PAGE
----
Show simple item record

dc.contributor.advisor Meyer, J. A. Oshodin, Uwafiokun Aituayuwa 2017-01-25T08:16:41Z 2017-01-25T08:16:41Z 2016
dc.description Thesis (M.A. (Psychology)) -- University of Limpopo, 2016. en_US
dc.description.abstract Background: ADHD is a neurodevelopmental disorder affecting 3 – 7% of school age children. The core symptoms of ADHD, hyperactivity, impulsiveness and inattentiveness often cause problems in many aspects of life, including interpersonal relationships. The problems associated with the disorder may also lead to poor self-esteem. Objective: To assess the impact of attention-deficit/hyperactivity disorder (ADHD) symptoms on interpersonal skills and self-esteem in a non-referred sample of primary school children meeting criteria for a diagnosis of ADHD. Method: Eighty-two children with ADHD (6 – 13 years) were selected using a convenient sample screened from primary schools in the Limpopo Province and were compared to 82 children without significant ADHD symptoms, who match the ADHD children on age and gender. The children were screened and diagnosed using the Disruptive Behaviour Disorders rating scale (DBD). They were assessed on two instruments: The PHSF (Personal, Home, Self and Formal) relations questionnaire was used for the measurement of interpersonal relationship while self-esteem was measured using the self-concept inventory of the Beck Self-Concept Inventory for youths [BSCI-Y]. The scores obtained on the two scales were compared for significant differences between the ADHD group and the non-ADHD comparisons as a possible function of gender. Results: Children with ADHD scored significantly higher (p < 0.001) on the scale that measured problems with interpersonal relationships (PHSF) than the non-ADHD comparison group. There was no effect of gender. The measurement instrument for self esteem (BSCI-Y) indicated that the children with ADHD had higher self-esteem than their non-ADHD comparisons (p < 0.001). Gender did not affect the difference between the groups. Conclusion: The findings indicated that children, who are inattentive, impulsive and over active, which are symptoms of ADHD, will have poorer interpersonal relationships than children without the disorder. Findings from the result of the measurement of self-esteem indicated that children with ADHD could have higher self-esteem than children without ADHD. The latter is in contrast with findings of most studies and may be ascribed to an unrealistic self-concept because of the young age of the participants or possible cultural factors. en_US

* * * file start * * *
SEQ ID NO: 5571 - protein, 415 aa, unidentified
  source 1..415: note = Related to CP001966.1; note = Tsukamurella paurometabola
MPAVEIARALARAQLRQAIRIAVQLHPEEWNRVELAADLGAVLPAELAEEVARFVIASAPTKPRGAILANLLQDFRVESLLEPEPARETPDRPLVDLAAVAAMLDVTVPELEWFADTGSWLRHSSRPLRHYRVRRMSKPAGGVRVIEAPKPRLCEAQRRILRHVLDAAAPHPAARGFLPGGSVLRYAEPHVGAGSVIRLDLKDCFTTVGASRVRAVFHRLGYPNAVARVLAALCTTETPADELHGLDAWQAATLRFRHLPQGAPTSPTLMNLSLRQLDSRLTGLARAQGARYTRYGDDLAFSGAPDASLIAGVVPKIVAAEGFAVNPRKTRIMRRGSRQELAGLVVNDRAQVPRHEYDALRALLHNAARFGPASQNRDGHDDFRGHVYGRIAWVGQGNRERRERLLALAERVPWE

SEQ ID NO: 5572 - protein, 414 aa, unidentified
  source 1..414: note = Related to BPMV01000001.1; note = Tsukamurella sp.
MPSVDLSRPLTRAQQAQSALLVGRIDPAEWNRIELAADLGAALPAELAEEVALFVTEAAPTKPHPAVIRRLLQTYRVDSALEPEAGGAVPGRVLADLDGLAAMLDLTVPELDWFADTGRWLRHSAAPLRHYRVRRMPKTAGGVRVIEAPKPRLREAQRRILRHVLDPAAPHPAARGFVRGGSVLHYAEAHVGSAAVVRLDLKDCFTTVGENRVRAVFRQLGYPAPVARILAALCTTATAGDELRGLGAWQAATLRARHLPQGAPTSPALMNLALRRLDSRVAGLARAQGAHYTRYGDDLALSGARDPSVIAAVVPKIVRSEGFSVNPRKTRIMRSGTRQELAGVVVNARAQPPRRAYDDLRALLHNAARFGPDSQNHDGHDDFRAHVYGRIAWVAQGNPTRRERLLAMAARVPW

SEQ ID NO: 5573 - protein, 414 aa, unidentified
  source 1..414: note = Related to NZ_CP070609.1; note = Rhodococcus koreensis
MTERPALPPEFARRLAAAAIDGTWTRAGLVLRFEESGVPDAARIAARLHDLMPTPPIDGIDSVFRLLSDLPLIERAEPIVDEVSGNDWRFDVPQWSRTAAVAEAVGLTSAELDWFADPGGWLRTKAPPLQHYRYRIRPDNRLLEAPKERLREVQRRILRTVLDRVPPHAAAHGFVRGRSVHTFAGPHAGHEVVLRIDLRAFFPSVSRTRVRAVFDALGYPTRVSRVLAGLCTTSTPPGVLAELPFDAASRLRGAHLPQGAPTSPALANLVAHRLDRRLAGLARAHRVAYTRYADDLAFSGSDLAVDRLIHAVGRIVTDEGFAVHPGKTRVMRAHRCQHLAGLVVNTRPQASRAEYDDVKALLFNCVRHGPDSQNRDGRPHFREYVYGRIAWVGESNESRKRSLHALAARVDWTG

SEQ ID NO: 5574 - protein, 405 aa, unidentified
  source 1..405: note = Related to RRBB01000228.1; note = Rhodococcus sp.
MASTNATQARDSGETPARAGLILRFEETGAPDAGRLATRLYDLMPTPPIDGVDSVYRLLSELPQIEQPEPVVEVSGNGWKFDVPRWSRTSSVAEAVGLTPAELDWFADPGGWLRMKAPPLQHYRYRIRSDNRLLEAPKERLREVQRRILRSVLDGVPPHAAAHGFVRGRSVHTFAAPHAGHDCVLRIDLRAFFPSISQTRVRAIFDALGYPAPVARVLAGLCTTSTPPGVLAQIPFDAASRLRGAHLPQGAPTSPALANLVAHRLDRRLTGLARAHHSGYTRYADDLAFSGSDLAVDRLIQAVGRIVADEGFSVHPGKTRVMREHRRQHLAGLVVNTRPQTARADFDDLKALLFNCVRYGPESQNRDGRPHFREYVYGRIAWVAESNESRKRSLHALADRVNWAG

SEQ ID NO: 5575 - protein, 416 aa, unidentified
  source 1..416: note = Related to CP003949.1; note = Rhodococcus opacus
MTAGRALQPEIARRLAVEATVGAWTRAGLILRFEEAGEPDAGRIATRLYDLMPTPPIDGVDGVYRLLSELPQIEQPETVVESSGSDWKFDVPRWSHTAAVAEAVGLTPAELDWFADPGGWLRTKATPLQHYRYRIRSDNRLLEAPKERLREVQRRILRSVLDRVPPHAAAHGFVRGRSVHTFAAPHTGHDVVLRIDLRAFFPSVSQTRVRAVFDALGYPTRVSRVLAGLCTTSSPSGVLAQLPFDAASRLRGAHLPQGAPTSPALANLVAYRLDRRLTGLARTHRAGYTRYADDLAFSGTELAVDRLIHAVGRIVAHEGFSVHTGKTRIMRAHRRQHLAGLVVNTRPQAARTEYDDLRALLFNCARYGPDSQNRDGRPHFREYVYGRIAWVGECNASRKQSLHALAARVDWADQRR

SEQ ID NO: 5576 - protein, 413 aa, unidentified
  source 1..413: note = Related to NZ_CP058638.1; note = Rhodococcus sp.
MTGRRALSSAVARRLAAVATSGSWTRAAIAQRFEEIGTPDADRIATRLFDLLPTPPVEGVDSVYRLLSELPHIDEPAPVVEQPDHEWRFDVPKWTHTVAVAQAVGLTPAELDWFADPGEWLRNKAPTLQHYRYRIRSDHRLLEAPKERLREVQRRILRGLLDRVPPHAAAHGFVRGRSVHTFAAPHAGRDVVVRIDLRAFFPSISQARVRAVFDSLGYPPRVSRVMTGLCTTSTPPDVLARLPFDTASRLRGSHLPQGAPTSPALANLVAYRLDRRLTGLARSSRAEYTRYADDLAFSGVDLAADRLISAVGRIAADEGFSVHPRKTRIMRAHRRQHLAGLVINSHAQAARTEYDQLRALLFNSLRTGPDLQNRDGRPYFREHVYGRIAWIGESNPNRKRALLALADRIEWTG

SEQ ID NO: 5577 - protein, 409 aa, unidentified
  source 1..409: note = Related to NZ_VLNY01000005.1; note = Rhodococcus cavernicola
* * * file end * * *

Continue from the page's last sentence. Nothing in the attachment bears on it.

dc.format.extent x, 134 leaves en_US
dc.language.iso en en_US
dc.relation.requires Adobe Acrobat Reader en_US
dc.subject Attention-Deficit/Hyperactivity Disorder (ADHD) en_US
dc.subject Self-esteem en_US
dc.subject.lcsh Attention-decifit disordered children en_US
dc.subject.lcsh Attention-deficit disorderd children -- Education en_US
dc.subject.lcsh Hyperactive children en_US
dc.subject.lcsh Self-esteem in children en_US
dc.title The impact of attention-deficit / hyperactive disorder on interpersonal relationships and self-esteem en_US
dc.type Thesis en_US

Files in this item

This item appears in the following Collection(s)

Show simple item record

Search ULSpace


My Account